Chairman's Report

Chairman's Report Mar 2014

FOBRA COMMITTEE, 20.03.2014: CHAIRMAN'S REPORT

Bath City Conference – Your Bath

Robin Kerr and I attended meetings of the Steering Group of the Bath City Conference (now renamed Your Bath) on 31 January and 19 February. In preparation for the latter I convened an ad hoc group of residents' associations on 17 February to consider the format for the debate element of the conference and tabled the attached note at the steering group, which was agreed.

Enterprise Area masterplan

Robin and I met Tim Hewitt, the economic development manager responsible for the Enterprise Area, on 11 February, and urged the Council to continue to involve residents in the masterplanning and to ensure that sustainable transport was given higher priority throughout the EA zone.

Julie Girling MEP

Several associations attended the meeting on 15 February with Julie Girling, South West MEP, proposed by Ben Howlett, the Conservative candidate, when he attended FoBRA in January. Patrick Rotheram outlined the traffic and pollution problems in Bath, and she told us she was expecting to be rapporteur for new EU legislation on air pollution, which would put her in a position of influence. Ben Howlett said he was encouraging the Conservative group in B&NES to support a transport plan for Bath. We agreed to keep in touch. [Although she downplayed the prospect of the EU taking legal action against the UK for non-enforcement of air pollution limits, the Commission has subsequently announced such action.]

Chief Inspector Norman Pascal

Robin and I met CI Pascal on 28 February; the other members of the executive were not available. He is the most senior police officer stationed permanently in Bath, after recently job-swapping with CI Simon Ellis. After explaining to him the network of residents' associations in Bath and the role of FoBRA, we pressed him on issues raised by members:

 police resources in Bath (managers had been cut, but front-line policing was unaffected);

 the future of Manvers Street (change inevitable, but not imminent. "Fire engine" policing would move to a site with better road connections);

 enforcement of the law on public drunkenness (he agreed to raise with colleagues);

 more regular enforcement against HGVs on the non-permitted A4 route (he will ask beat managers to look out for this, and asked us to supply registration numbers of offenders);

 pavement cycling (there has been a crackdown, which will continue);

 abuse of the yellow box junction at Paragon/Lansdown Road/Broad St junction (he will look into this);

 transfer of enforcement responsibility for moving traffic offences from police to the local authority (he would prefer it to be made a shared responsibility).

Gerald Gouriet QC

NORA have passed on an email from the Clerk at Francis Taylor Building in the Temple, saying that Gerald Gouriet QC, who is one of the country's leading licensing silks is very happy to take on pro bono cases for residents associations and action groups who have problems over applications from licensed premises.

Henry Brown, 18 March 2014

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YOUR BATH - DEBATES

FOBRA'S PROPOSAL FOR DEBATES

One topic per meeting selected from suggestions made by attendees at last meeting and through social network.

Topics must be important, local and topical. Background information, including motion for discussion, is well publicised in advance.

There must be an impartial chairman who is good at controlling public meetings.

Must take place in non-Council venue. Need a budget for meeting expenses.

Scene is set by first speaker proposing the motion, and second opposing it.

Most of the time is taken up by speakers from the floor. 3-minute time limit per speaker.

Chairman sums up a small handful, say 3-5, key points.

These are referred to responsible authorities and organisations for response/action.

Report is published through social network, as is action/response.

Henry Brown, 18 February 2014

Chairman's Report Archive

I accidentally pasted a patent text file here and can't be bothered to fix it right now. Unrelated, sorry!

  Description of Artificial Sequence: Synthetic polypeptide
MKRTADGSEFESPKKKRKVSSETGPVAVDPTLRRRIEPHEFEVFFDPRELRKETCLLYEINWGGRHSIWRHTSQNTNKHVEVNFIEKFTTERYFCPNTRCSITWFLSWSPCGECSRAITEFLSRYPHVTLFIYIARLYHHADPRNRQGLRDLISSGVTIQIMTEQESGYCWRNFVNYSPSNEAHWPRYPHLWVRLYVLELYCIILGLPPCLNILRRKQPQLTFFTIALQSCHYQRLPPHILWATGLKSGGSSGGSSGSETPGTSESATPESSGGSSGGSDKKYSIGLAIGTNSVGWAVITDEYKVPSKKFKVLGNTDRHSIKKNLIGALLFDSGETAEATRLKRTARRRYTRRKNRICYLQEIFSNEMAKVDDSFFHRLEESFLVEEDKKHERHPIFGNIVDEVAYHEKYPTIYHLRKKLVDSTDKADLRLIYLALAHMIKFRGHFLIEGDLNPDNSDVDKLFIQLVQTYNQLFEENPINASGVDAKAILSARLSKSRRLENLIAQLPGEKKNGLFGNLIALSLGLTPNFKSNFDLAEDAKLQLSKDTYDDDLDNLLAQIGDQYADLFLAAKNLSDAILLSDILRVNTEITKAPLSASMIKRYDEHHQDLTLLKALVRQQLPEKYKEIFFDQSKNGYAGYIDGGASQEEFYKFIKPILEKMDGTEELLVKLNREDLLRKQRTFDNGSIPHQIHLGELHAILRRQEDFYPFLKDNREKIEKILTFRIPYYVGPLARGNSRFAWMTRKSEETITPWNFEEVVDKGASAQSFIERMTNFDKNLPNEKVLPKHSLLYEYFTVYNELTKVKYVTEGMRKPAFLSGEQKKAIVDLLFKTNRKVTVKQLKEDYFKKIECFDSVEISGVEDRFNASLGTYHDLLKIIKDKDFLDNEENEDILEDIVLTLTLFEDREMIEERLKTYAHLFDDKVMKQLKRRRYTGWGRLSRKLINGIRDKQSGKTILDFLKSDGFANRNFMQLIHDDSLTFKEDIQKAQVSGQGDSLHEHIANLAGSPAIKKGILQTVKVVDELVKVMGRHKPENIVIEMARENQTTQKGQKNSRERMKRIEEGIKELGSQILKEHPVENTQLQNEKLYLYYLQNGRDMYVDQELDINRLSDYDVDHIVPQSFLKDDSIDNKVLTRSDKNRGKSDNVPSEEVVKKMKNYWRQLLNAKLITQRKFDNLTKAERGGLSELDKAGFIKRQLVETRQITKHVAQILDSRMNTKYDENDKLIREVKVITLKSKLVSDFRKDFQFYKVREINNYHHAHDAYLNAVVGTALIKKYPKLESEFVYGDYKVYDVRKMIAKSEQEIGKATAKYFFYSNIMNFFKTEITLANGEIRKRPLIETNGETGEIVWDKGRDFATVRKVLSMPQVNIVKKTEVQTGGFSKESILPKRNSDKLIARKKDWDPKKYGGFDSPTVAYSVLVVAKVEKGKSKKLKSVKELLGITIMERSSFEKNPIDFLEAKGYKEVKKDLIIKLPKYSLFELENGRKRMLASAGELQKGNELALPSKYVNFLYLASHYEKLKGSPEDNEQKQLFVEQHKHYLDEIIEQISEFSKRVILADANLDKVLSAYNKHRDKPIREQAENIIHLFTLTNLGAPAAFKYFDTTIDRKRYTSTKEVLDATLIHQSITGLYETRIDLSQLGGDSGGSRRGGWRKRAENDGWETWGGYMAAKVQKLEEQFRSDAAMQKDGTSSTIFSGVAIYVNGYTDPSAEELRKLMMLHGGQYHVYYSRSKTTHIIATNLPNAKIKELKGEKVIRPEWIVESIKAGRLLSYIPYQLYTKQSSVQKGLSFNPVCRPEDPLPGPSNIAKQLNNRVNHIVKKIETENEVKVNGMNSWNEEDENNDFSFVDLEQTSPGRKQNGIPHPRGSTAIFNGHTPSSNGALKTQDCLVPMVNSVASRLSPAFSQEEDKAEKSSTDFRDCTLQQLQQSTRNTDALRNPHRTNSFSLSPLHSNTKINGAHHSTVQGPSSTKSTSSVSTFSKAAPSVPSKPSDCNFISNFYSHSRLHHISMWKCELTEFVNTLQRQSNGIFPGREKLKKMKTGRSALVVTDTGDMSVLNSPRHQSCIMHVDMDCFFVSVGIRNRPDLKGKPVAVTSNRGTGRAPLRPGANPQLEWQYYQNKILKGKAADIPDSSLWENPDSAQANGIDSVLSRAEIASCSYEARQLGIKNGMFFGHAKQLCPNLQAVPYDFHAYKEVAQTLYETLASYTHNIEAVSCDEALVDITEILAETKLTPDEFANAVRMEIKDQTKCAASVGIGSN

Chairman's Report 23 Feb 17Chairman’s Report for FoBRA Committee 23rd Feb 17 Leader Meeting 13th Jan 17 Nick and I held another meeting with the Council Leader, Cllr Tim Warren, on 13th Jan. It was also attended by Cabinet members Patrick Anketell-Jones and Martin Veal. We covered the following subjects: 1. Usefulness of these “Leader meetings”. 2. Bath Transport Strategy & Alliance for Transport and the Public Realm, including: a. Alliance presentation 22nd Nov 16 b. Eastern Park and Ride (Cabinet meeting 25th Jan) c. Air Quality (Kerr/Warren letter dated 15th Dec) d. FoBRA letter in Chronicle 22nd Dec on Better Freight delivery. e. FoBRA’s responses to the WoE spatial and transport consultations. f. Council Parking survey. g. City centre visitor permits for hotels, etc., 3. Refuse policy (on agenda for BCF priority setting meeting 12th Jan) 4. Outcomes from Placemaking Plan Examination in Public: a. Student Housing b. Upstream flooding risk 5. Planning a. Upper Oldfield Park. b. “Party Houses”, and FoBRA’s role in campaign. c. Curo’s outline planning application for Foxhill Estate (and FoBRA’s objection and 22nd Dec letter in Chronicle). d. Use of brownfield city sites for housing, rather than students. 6. FoBRA winter reception 17th Jan 17 I shall be happy to expand on any of these subjects at the Committee meeting. National Organization of Residents’ Associations (NORA) Neighbourhood Planning Members will remember that I wrote in my last Report about the Neighbourhood Planning Bill, and the disturbing news of the overthrow of, or challenge to, adopted Neighbourhood Plans in several parts of the country. This will be a principal subject on the agenda of the NORA AGM, to take place on 2nd March, where we shall be represented by our Secretary, Barry Henderson. The guest speaker will be Michael Salmon, Head of Neighbourhood Planning at the Department for Communities and Local Government. Housing White Paper The Government (DCLG) has published for consultation its White paper on Housing, proposing far-reaching changes to the planning system and housing funding. The link to find it is: https://www.gov.uk/government/uploads/system/uploads/attachment_data/file/590043/Fixing_our_broken_housing_market_-_housing_white_paper.pdf . It's a weighty tome, at 104 pages, but it’s important, and there’s a good Executive Summary. Its treatment by the Press so far hasn’t been ecstatic, but it's a major step away from the current appalling housing situation. For example, I have noted the following statement: "For housing associations and other not-for-profit developers, the Government has already announced funding worth a total of £7.1 billion through an expanded and more flexible Affordable Homes Programme. We will provide clarity over future rent levels. In return, we expect them to build significantly more affordable homes over the current Parliament." so we shall be quizzing Curo about this, as they have always claimed that there are no longer any subsidies. FoBRA’s Planning Sub Committee will be studying it and recommending comments to members and to NORA before the 2nd May deadline. Placemaking Plan Members will have seen the comments which FoBRA has made to the Council’s proposals for Main Modifications to the Placemaking Plan, following the Inspector’s conclusions – mainly on Parking and Student Housing. These have now been posted on our website and a meeting has been sought with Officers to hear their reaction to suggestions for amendment. Combined Authority Mayoral Election 4th May The candidates have been chosen for the West of England Combined Authority Mayoral Election, which will take place on 4th May. They are: • Conservative Party: Tim Bowles, South Gloucestershire councillor • Labour Party: Lesley Mansell, NHS manager, Westfield parish councillor and former Peasedown St John parish councillor. • Liberal Democrats: Stephen Williams, former MP for Bristol West and Parliamentary Under Secretary of State for Communities and Local Government. • Green Party: Darren Hall, former Parliamentary candidate in Bristol West. I should be interested to know if you would like me to try to arrange an extra Committee meeting at which we would ask them to come and introduce themselves to us. Council Refuse Policy Further to Rachael’s report on Refuse Policy in Nov 16 (see minutes), the Council issued new instructions to households on 2nd Feb (attached below), so the great roll-out of wheelie bins or gull-sacks seems to be going ahead from 6th Nov. As Rachael points out, this could be disastrous for flatted, Georgian terraces, particularly if accompanied by a shift from weekly to fortnightly black-bag collections. All is not necessarily lost on that front, however, as the Council’s ‘recycle’ webpage, says: “There may be areas in central Bath that are not suitable for every other week collections of rubbish and the Council is working with Ward Councillors, Residents’ Associations and other groups to come up with the right solution”. The Bath City Forum (BCF) was briefed on this by Cllr Martin Veal (Cabinet Member for Community Services) on 2nd Feb, and the BCF’s Environment Group, which I co-chair, with Cllr Dine Romero (LibDem Group Leader), is entering discussions with him, not only to ensure weekly collections remain (in those vulnerable streets), but also greatly to improve their cleanliness and discipline. This has been discussed with the BCF Chairman too. Flooding Risk above Churchill Bridge The present arrangement (whereby 105 homes which happen to lie between Churchill and Midland Bridges are getting flood protection through the Bath Quays Waterside Project, but ~2000 homes further upstream (but still within Bath) are not, is grossly unfair. There have been two meetings of the Abbey Ward Flood Group since my briefing of the last Committee on this Flooding Risk (see minutes). Despite high level representation at it, no solution has been offered by the Council or the Environment Agency, so Cllr Romero (see above) has agreed with me that this should be taken up by the BCF’s Environment Group, and I have discussed it with the BCF Chairman. Without letting the Council off the hook, solutions are not thick on the ground and the costs are very high. Police Independent Advisory Group (IAG) I serve on the Police IAG, and have attended two of its meetings since my last report, the second of which was attended by Sue Mountstevens, our Police and Crime Commissioner. We discussed: conclusions from the closure of the Manvers Police Station; rough sleepers; public lavatories; the recent large drugs operation in Bath; hate crime; and use of Tasers. I can expand on these items at the Committee meeting if members wish. Modern Tram and Cable Car Systems for Bath? As members may know, separate groups are advocating a cable car connecting Foxhill to the city centre, and reintroduction of trams, both of them as part of a modern transport mix here. Patrick will expand on these at the Committee meeting. World Heritage Site Steering Group Nick has been our representative on the World Heritage Site Steering Group since he became our Vice Chairman, and, during that time, Peter Metcalfe has chaired the Group. Peter has now come to the end of his period of office, and the Council is advertising for a replacement. If anyone is interested, please speak to our Secretary, Barry Henderson. Sydney Gardens Upgrade The team which manages Sydney Gardens (B&NES, the Friends of Sydney Gardens, local Residents’ Associations and the Holburne Museum) has successfully bid for a £332K grant from the Heritage Lottery Fund, as part of a £3.6M refurbishment. Buses in Upper Oldfield Park Members will remember an impassioned plea at the November Committee from the representatives of Upper Oldfield Park RA, as they sought to join FoBRA, for help in persuading the Authorities to divert double decker buses away from their street, as they were causing great congestion. You will be glad to hear that their campaign has been successful, aided to a small extent by FoBRA. Streetlife Members may be familiar with Streetlife, the internet based UK local community networks. There are at least seven such groupings in Bath. They aim to help people make connections with their neighbours, to share local news, recommendations and resources. Earlier this month Streetlife was acquired by its US equivalent, Nextdoor, and so this will be its name from now on. The web link at the time of writing is www.streetlife.com/Bath Shrub Attack? One of our members tells me that shrubs in our parks and green spaces are being chopped to the ground and many trees seem to be cut down at random. This has been carried out on the banks below Camden Crescent; despite the trees having been planted there to stop soil erosion. The shrubs absorb traffic fumes, reduce traffic noise and provide food and cover for wildlife, including birds. They also look attractive! This is happening in Hedgemead Park, the Botanic Gardens in Victoria Park, and Sydney Gardens too. Robin Kerr, draft 2, 20th Feb 17   Changes to your rubbish collection service from 6 November 2017 What is changing? Most households across Bath and North East Somerset will be changing to every other week collection for their rubbish from 6 November. We will be providing a 140 litre wheeled bin for the storage and collection of rubbish. We realise that one size does not fit all, so in a small number of cases where a 140 litre wheeled bin is not suitable for your property, or family situation, we may provide a larger bin or a re-useable rubbish bag to contain rubbish for collection. Recycling collections, including food waste will remain weekly and our emphasis will be on encouraging you to use this weekly service to its full potential. Over 70%of UK councils including all our neighbours in Bristol, North Somerset, Somerset, Wiltshire and South Gloucestershire, are already running every other week collections for rubbish (in wheeled bins) and weekly recycling collections. They are seeing the benefits including reduced street mess, cost efficiencies and collecting more recycling (instead of rubbish). Collection days and times may change as we will need to redesign the routes so that they are as efficient as possible. Look out for your letter in March From 9-13 March all households will be sent a personalised letter informing them how the changes will affect them. To reduce postage costs, most letters will be included in the envelope with your Council Tax Bill. This letter will let you know whether we have allocated your property a wheeled bin or re-useable rubbish bag for rubbish collection, and the frequency of your rubbish collection. The letter is for information and no response is needed. If you are concerned that the container we have allocated is not appropriate for your specific property, or if despite recycling all you can, you feel that your household will not manage with the allocated container you can complete an online query form. We will write separately to residents who • live in a registered House of Multiple Occupancy (HMO) • are currently registered for an Assisted Collection (those who require the help of our crews to carry their rubbish and/or recycling to an agreed collection point). You will be asked to complete a form to update your details to re-apply for an assisted collection if you still need help. For some residents wheeled bins will be much easier to manage. Why are we introducing the changes? 1. To keep our streets cleaner Containing rubbish in a bin or bag will prevent animals and birds ripping open bags and making a mess which is unpleasant for everyone and costs us to clear up. 2. To recycle more We have a very comprehensive recycling collection where you can already recycle 17 different types of household waste every week. We know that some residents can recycle more than they are currently doing – about 75% of a household’s waste can be recycled using the current collections, but we still find that over half of an average rubbish bag consists of items that could have been recycled. Our local research shows that if you recycle all you can you will still have space left in your rubbish bin when collected every other week. The change will help to encourage everyone to use their food recycling collection – only about 50% of households currently use this. About a third of the waste in black sacks currently is food. 3. To save money Every lorry load of waste costs £1000 to dispose of whilst every lorry load of recycling earns an income of £100, so reducing the amount put out as rubbish is essential. Find out more www.bathnes.gov.uk/recycle Our website is being updated as details are confirmed and more FAQs added so please check back here www.bathnes.gov.uk/recycle for updates. • Like our facebook page www.facebook.com/recyleforbathnes to receive updates and tips to recycle more. • Get ready for the change – you can order extra free recycling containers online www.bathnes.gov.uk/orderacontainer • View the bins and re-useable rubbish bags and get advice and tips from our Waste Campaigns Team to help you recycle all you can to get ready for the change at our community roadshows www.bathnes.gov.uk/roadshows • Book a free talk for your community group - contact wastecampaigns@bathnes.gov.uk to show you how to make the best use of the recycling service, including practical tips to help your get ready for the change. • We need residents to star in our social media campaign to to encourage others to recycle more. We want your stories, photos, videos and recycling tips to share with others and are keen to hear from individuals and groups – including schools, families, housemates, work groups – how do you do it in your home/school/workplace? Find out more http://www.bathnes.gov.uk/services/bins-rubbish-and-recycling/recycling-and-rubbish-collections/latest-recycling-updates